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Equipping Your Home Recording Studio - A free download from Audio Masterclass

An Introduction to Compression: Basic Compression - A free download from Audio Masterclass

An Introduction to Equalization - A free download from Audio Masterclass

New monitors? Now you need to tune in your ears.

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When using a drum virtual instrument, should you record each drum to its own individual track?

How to preserve your recordings for musical history

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CymPad Introduces Special Ride Cymbal Optimizer.

As classic an example of compression pumping as you will ever hear...

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The Yamaha DX7 versus the Musicians' Union

Reader's comment on our earlier feature on the Yamaha DX7 keyboard that led to a massive reduction in employment opportunities for musicians.

I have been a working professional musician for 40+ years (see www.colingreen.co.uk) and subscribe to regular e-mails from your organization which I find to be helpful and informative.

I must however, take issue with your article on the Yamaha DX7 in the current mail out which seems to celebrate the 'fall’ of the Musician’s Union.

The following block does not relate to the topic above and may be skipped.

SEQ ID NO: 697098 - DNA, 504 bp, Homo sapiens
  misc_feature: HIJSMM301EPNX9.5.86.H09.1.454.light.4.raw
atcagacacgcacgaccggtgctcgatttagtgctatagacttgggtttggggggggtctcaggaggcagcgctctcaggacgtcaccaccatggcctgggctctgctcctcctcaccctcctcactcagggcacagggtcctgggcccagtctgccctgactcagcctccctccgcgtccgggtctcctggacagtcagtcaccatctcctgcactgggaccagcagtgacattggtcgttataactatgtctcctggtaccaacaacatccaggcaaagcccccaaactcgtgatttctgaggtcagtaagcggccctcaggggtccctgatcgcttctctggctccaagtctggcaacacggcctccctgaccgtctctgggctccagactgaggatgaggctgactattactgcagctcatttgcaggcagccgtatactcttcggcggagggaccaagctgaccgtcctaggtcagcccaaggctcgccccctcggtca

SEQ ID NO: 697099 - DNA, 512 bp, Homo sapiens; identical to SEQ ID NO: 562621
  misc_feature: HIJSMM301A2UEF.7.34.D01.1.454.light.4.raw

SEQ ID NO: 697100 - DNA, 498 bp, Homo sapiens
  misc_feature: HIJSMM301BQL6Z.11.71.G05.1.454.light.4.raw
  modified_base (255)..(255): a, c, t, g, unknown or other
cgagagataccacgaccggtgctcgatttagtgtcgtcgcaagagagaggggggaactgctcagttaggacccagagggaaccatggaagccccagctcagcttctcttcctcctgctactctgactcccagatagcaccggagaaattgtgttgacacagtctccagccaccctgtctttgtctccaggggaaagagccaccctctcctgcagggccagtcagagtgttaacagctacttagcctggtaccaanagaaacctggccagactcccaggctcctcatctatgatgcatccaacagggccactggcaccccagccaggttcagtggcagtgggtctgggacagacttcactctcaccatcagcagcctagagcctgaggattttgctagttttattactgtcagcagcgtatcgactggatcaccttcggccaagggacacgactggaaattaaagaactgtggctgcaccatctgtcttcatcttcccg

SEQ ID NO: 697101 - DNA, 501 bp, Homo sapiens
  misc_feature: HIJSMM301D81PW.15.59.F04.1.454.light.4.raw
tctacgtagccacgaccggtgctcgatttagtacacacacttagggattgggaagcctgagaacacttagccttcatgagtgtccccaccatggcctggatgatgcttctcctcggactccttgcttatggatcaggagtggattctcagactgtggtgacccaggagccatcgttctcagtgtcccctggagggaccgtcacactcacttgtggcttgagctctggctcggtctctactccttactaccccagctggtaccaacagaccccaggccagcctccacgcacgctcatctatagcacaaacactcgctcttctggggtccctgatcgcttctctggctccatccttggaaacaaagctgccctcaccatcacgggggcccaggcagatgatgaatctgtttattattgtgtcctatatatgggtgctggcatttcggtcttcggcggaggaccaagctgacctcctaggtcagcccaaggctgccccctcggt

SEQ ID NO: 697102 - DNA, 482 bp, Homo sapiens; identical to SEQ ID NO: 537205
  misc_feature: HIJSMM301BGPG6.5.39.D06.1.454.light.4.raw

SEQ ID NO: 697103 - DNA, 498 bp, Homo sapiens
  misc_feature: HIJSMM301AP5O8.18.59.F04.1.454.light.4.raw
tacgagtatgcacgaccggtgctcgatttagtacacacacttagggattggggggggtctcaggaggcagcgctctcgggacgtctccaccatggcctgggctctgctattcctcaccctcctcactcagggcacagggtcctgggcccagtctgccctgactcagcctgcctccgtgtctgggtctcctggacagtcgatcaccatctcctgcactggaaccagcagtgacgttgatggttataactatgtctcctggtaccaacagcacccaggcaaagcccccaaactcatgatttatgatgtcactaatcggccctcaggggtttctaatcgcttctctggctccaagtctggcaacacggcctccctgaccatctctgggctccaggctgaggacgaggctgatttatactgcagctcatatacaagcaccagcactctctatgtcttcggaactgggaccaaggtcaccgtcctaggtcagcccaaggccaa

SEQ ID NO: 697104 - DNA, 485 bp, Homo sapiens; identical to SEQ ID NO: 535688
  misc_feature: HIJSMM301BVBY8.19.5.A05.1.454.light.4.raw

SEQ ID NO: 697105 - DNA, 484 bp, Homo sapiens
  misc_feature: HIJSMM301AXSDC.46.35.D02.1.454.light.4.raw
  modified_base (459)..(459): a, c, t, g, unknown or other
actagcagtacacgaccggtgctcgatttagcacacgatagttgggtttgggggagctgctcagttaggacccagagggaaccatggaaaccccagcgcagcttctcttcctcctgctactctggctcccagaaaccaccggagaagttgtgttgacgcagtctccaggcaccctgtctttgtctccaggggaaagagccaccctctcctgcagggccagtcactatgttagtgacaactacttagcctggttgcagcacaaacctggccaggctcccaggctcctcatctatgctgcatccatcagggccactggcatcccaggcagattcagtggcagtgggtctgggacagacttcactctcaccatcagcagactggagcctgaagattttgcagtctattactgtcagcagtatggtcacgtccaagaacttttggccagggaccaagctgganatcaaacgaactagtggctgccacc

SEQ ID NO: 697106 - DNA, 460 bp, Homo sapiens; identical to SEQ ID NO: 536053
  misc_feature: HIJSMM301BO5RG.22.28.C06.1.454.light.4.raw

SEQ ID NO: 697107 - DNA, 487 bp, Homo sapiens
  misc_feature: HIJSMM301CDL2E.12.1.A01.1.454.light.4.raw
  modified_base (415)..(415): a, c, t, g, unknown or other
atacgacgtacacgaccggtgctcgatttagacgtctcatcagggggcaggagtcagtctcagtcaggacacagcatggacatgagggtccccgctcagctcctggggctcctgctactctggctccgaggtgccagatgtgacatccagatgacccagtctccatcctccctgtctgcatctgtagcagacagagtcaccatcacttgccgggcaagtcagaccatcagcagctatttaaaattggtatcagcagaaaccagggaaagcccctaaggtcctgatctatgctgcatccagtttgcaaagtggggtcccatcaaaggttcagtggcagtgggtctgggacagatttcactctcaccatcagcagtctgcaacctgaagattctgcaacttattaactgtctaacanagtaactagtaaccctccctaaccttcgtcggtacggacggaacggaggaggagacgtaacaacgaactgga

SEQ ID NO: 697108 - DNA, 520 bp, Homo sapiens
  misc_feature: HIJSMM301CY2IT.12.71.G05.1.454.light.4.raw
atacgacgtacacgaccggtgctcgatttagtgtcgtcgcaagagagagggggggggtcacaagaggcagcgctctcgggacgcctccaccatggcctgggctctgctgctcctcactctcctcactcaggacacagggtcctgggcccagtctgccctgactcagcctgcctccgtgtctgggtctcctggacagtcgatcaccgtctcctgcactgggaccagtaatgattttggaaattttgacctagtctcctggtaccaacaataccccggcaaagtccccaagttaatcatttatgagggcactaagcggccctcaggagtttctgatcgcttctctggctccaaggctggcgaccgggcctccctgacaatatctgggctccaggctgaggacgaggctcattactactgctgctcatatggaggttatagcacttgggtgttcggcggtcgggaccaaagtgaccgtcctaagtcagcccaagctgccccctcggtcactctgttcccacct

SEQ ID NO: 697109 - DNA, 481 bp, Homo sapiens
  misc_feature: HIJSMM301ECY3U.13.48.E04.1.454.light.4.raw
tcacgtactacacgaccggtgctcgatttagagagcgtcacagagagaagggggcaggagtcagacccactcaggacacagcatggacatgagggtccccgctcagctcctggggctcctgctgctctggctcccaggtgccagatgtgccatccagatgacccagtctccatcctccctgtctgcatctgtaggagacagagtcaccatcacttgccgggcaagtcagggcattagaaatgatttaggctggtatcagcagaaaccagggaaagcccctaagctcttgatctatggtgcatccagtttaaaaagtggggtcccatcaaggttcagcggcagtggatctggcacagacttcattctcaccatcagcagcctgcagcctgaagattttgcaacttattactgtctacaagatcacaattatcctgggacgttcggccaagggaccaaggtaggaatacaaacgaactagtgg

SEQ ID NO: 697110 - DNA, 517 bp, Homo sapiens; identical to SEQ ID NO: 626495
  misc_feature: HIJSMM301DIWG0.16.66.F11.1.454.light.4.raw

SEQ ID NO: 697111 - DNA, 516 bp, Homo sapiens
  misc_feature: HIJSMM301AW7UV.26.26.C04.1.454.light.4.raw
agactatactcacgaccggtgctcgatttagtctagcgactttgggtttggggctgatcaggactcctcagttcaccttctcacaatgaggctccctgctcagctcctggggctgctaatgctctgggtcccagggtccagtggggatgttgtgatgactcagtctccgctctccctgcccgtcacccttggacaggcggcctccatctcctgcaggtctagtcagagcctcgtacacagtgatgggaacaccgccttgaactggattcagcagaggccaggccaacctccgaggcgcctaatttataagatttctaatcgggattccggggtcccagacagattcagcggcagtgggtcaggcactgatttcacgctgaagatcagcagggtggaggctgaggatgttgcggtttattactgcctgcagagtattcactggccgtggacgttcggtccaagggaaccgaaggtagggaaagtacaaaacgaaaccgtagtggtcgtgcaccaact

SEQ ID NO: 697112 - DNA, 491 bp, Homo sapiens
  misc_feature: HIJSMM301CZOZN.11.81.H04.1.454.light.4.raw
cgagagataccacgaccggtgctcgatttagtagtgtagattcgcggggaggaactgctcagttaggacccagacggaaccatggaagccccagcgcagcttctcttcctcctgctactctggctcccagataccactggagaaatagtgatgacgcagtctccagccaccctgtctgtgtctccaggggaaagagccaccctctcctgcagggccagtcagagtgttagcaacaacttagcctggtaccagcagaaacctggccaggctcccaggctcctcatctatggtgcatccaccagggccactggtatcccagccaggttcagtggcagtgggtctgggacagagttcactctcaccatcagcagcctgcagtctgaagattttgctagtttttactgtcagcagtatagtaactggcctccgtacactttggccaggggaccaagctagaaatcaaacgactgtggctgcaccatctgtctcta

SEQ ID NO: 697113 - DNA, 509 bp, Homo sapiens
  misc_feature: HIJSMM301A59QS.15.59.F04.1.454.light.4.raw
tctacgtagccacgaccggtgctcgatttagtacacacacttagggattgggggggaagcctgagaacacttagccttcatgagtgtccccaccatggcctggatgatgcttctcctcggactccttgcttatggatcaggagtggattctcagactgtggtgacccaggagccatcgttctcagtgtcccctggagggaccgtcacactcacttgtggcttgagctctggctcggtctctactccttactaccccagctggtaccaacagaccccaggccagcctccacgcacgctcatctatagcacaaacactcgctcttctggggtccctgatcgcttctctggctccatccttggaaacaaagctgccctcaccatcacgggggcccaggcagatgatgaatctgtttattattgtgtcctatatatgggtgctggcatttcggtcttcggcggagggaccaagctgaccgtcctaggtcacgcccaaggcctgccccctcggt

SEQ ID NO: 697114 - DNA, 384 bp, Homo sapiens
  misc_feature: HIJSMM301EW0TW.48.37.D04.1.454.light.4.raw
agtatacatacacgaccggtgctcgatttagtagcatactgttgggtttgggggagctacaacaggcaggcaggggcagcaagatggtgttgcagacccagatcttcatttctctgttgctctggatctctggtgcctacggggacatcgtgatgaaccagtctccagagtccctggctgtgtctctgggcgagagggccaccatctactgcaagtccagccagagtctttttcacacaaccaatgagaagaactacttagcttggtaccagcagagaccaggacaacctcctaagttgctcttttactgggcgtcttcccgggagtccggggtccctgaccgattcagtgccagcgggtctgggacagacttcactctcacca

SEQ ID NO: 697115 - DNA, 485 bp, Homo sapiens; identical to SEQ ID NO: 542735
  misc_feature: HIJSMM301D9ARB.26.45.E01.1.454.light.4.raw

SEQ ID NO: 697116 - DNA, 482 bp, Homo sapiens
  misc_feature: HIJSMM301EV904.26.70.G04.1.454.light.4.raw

Although I have been an MU member for more years than I care to count my thinking is not always in line with the general thoughts of the Union but I feel that I must take their side in this issue. In the main the Union seeks to protect work for live musicians; your article highlighted ( by omission) the fact that the use by theatres of synthesizers in place of 'live’ musicians represented a decline in employ for musicians ... a fact borne out by the sad state of the music industry these days.

The advent of the synthesizer, instead of enlarging the sound palettes of existing instruments, has been responsible for replacing working musicians on a grand scale.

Perhaps you should point out to your budding producers that not all music is created at the touch of a button; those that you choose to replace are highly skilled artistes who spend time and effort to perfect their skills rather than simply buying the latest add-on to automate the process of music making. You are also responsible for extracting from music the one element that machines cannot thankfully reproduce .... i.e. human feeling!

The day that happens we are all in trouble!!

I should point out that I am not at all against the use of synths to create new and exciting sounds, merely against the use of such devices to replace the real thing. Sadly I know that the effect is irreversible but your young guns should know that, in part, they are helping to kill off an industry in which the UK were world leaders; something that will inevitably change now that synth technology in which musical knowledge is not necessarily required is readily available worldwide and almost anyone with the capacity to push a button can 'create’ music.

At least the MU tries to maintain the standard of work for us 'dinosaurs’ !!!

Colin Green

By David Mellor Wednesday April 27, 2005